What Are Minnesota's Options After the Trade Deadline?

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It was a relatively quiet night at the deadline for Tim Connelly and the Minnesota Timberwolves. The Wolves only made one move, trading Troy Brown Jr., Shake Milton, and a 2030 second-round pick to the Detroit Pistons for veteran point guard Monte Morris.

The move wasn’t surprising, given their ongoing turnover issues. In Morris, the Wolves traded for an experienced ball-handler, a career 38.9% shooter from three. He should help the team limit turnovers and improve their spacing.

It’s highly likely that Morris slots in for Jordan McLaughlin’s minutes in the rotation and may even take some from Kyle Anderson. McLaughlin has averaged less than ten minutes a game this season, and it seems realistic that Morris will at least play 15 to 18. That means the Wolves will likely cut Anderson’s minutes somewhat from the 22-a-night he has been playing.

The debate about what the Wolves should have done at the deadline focused on Anderson. Many fans argued that his evident offensive issues meant trading for a more offensively secure wing would improve the team. Anderson is converting a career-low 19.4% from three, and teams often leave him completely unguarded.

But the front office and coaching staff viewed things differently. They valued Anderson’s defense and locker room leadership and retained him at the deadline. The issue is that opponents will neglect his broken shot, which has been an issue since his eye injury in the 2023 playoffs, in the postseason. It’s difficult to know how much his intangibles the coaching staff value can help in the playoffs.

However, the Timberwolves have several post-deadline options they can pursue to improve their perimeter shooting and solve the spacing issues that have plagued them all season. Unless the Wolves are going to move one of their rookies or second-year closer to the rotation, it’s likely they do make a move, given they only have 13 fully contracted players.

Marcus Morris is one potential option. The Philadelphia 76ers recently traded him to the Indiana Pacers, who waived him. Morris has averaged 6.7 points and 2.9 rebounds for the Sixers this season, shooting 40% from three. He’s a 34-year-old forward who would offer more playoff experience. Morris made long playoff runs with the Boston Celtics in 2018 and the Los Angeles Clippers in 2020 and 2021. But Indiana bought him out of a $16 million-a-year deal, and it’s unclear how much money Morris would want as a free agent.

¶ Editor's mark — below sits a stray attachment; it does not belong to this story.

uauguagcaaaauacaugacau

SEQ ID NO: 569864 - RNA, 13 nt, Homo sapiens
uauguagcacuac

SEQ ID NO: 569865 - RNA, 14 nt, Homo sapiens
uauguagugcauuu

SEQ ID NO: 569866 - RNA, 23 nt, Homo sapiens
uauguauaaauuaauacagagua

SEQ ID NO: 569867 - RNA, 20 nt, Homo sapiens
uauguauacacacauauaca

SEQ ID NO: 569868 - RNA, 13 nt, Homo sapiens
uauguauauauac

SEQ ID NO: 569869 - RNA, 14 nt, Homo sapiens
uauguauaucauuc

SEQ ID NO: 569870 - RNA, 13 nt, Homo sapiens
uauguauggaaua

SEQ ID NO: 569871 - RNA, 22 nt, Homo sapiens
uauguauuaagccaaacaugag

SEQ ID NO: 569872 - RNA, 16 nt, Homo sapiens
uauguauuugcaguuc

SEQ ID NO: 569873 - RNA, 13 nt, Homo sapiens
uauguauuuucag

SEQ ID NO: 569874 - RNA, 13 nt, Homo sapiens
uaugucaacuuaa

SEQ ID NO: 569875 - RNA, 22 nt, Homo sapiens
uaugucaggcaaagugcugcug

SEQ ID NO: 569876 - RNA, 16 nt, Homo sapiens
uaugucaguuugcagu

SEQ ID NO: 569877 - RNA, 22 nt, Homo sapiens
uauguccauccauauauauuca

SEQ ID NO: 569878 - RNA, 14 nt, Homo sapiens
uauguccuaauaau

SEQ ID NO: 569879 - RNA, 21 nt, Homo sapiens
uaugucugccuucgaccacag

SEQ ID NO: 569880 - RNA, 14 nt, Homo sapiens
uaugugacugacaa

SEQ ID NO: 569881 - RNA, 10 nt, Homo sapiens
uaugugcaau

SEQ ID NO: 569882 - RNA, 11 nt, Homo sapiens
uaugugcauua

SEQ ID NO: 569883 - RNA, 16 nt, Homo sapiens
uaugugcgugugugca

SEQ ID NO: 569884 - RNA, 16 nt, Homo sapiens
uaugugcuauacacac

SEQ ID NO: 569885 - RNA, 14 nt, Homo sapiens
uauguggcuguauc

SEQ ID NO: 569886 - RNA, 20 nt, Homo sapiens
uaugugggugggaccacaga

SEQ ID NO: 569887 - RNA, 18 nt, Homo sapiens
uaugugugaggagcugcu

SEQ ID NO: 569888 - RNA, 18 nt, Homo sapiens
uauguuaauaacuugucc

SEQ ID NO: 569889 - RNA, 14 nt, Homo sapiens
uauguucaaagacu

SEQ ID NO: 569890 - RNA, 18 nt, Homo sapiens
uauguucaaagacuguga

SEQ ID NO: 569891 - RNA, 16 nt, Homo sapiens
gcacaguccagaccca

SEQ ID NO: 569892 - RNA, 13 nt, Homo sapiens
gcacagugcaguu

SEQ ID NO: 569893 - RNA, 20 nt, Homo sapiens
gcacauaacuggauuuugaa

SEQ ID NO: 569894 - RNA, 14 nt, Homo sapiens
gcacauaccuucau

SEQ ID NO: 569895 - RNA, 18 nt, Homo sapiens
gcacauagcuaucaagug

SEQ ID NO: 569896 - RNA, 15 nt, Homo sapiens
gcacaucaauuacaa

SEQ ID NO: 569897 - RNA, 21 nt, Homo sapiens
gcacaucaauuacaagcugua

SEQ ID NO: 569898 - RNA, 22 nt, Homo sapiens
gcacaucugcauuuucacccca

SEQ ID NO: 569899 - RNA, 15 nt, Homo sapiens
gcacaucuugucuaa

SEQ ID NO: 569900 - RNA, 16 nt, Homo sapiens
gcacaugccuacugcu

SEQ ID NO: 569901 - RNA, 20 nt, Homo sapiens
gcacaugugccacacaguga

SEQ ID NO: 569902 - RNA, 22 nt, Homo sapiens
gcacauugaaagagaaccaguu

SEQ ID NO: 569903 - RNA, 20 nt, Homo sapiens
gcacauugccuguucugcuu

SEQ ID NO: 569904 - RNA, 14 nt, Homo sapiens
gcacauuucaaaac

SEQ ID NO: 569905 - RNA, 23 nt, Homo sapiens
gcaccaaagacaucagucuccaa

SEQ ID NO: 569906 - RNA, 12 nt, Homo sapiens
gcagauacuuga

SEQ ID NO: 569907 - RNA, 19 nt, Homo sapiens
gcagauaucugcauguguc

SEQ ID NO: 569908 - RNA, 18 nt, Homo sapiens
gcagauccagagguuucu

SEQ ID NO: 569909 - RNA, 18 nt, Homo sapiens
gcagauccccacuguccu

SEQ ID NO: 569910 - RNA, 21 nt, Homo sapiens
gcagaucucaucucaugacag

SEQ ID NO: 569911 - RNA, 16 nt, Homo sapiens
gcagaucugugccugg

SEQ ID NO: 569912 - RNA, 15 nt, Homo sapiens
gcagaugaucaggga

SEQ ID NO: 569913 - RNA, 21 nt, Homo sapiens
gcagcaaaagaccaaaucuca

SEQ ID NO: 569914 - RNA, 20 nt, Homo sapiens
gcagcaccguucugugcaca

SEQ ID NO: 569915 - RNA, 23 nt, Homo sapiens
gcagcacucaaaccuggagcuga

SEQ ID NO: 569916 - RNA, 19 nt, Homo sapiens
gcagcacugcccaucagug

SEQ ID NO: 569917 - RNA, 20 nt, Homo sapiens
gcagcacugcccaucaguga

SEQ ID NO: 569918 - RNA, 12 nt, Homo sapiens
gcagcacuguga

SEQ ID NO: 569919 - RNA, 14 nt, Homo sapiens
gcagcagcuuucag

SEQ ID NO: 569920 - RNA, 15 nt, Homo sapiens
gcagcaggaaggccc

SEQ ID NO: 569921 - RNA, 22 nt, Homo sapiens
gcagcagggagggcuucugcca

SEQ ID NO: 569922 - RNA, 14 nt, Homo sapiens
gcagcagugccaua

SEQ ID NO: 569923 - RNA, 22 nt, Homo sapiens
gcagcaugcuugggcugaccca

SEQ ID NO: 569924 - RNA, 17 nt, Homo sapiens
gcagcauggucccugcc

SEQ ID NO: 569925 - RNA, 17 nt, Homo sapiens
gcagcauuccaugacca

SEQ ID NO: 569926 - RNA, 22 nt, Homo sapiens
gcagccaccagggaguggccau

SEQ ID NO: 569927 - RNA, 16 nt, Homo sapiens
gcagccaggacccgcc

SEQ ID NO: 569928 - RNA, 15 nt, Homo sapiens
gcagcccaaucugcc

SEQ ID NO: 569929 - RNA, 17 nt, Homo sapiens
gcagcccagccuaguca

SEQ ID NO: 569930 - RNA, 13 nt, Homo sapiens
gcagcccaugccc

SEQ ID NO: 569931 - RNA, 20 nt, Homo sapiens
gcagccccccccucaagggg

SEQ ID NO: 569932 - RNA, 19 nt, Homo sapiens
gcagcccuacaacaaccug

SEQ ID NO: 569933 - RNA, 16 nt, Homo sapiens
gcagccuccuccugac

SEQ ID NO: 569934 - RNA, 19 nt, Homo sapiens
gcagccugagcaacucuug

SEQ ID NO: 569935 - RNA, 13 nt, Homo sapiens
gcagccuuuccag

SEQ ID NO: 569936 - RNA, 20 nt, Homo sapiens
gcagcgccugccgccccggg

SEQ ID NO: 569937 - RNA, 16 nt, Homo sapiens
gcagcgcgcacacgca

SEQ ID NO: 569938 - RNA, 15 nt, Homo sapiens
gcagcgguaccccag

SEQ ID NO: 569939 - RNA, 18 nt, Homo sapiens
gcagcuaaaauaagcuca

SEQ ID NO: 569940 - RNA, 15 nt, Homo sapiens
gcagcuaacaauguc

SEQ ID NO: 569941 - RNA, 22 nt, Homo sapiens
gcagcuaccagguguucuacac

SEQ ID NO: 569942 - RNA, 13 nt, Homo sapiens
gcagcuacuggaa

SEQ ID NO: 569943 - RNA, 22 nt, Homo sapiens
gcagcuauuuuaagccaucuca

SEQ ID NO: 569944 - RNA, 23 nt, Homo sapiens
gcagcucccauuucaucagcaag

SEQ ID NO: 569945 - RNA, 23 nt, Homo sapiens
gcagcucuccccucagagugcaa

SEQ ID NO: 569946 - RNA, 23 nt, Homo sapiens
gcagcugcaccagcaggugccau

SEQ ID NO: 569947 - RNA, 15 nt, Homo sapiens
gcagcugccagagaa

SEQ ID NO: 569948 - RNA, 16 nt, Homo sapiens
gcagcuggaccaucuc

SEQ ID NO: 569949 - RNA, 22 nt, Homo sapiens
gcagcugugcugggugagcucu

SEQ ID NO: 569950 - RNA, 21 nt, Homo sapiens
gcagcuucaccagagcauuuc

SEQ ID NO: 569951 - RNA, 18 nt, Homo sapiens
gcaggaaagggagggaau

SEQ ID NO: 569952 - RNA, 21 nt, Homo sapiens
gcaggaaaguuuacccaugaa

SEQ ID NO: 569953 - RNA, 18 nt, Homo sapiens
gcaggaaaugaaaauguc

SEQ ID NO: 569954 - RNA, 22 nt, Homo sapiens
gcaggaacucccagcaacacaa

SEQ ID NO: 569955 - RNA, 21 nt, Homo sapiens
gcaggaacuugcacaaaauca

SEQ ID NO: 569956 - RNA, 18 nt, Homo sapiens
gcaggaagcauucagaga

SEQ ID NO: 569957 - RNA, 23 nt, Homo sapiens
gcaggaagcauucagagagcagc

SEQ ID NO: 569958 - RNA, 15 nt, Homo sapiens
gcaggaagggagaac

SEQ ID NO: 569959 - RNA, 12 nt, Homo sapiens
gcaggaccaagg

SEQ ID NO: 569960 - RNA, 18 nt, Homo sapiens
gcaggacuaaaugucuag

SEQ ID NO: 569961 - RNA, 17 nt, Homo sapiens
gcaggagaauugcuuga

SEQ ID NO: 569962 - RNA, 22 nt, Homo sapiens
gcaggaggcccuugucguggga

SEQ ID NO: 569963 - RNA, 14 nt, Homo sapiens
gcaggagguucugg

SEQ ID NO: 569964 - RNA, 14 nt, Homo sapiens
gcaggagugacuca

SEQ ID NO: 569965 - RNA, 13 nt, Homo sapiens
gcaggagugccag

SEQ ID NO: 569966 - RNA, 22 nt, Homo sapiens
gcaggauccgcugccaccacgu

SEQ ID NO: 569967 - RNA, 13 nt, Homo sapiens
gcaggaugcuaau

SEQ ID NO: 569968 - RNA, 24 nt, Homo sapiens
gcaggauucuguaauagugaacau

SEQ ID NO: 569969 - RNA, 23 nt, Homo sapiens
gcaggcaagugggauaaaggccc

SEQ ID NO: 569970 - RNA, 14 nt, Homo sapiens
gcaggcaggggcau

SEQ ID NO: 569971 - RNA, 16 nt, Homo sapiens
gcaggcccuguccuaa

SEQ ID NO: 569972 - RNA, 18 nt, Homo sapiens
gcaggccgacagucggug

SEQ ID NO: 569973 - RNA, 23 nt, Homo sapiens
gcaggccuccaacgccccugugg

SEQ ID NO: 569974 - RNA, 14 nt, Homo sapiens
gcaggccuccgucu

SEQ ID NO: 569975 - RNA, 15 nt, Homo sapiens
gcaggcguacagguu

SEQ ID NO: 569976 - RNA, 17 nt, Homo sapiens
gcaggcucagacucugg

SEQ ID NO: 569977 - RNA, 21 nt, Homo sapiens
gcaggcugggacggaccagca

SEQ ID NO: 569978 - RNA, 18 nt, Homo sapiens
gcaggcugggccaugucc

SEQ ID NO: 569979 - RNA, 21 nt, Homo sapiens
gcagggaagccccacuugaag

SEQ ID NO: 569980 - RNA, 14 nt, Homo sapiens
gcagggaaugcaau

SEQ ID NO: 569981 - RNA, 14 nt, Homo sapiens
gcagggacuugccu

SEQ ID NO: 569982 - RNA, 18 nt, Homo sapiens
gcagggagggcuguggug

If Morris isn’t an option, the Pistons waived Joe Harris, and Connelly might look at him. Harris is a career 43.6% shooter from three. However, given his difficulties in getting into Detroit’s rotation this season, it’s uncertain that he could get any minutes at all in a team battling for top seeding in the Western Conference. Still, he would be a cheap option as a ninth or tenth man who can space the floor.

Beyond Morris and Harris, there aren’t many more enticing options on the buyout market. The Toronto Raptors will likely waive Spencer Dinwiddie after they got him from the Brooklyn Nets. But as an underwhelming three-point shooting guard, the Wolves seem unlikely to be especially interested. Another team will likely move to get him anyway.

Elsewhere, guards Killian Hayes, James Bouknight, and Victor Oladipo, and center Robin Lopez are other names available on the buyout market. None of them fit what the Wolves need. The Miami Heat will likely waive Kyle Lowry, but Minnesota doesn’t need a guard after acquiring Morris.

After adding a small point guard to the roster, the Wolves will likely only reduce Kyle Anderson’s minutes, given that Naz Reid and Nickeil Alexander-Walker are the sixth and seventh men in the rotation. Morris, Anderson, and a potential player from the buyout market would battle to be eighth and ninth because it seems unlikely the Wolves would use more than a nine-man rotation in the postseason.

But the Wolves have options to bolster their roster in the coming weeks. Alternatively, they might just do nothing because of choice or circumstance. But if they do nothing, they’ll be asking a bench point guard to solve a lot of the consistent issues. That may not be possible, given that a backup point guard won’t feature in the fourth quarter.

We can trust Tim Connelly to fix this team’s holes, given how much success he’s had adding players in Minnesota. He’s either made successful moves or rectified them quickly, like after the Shake Milton signing.

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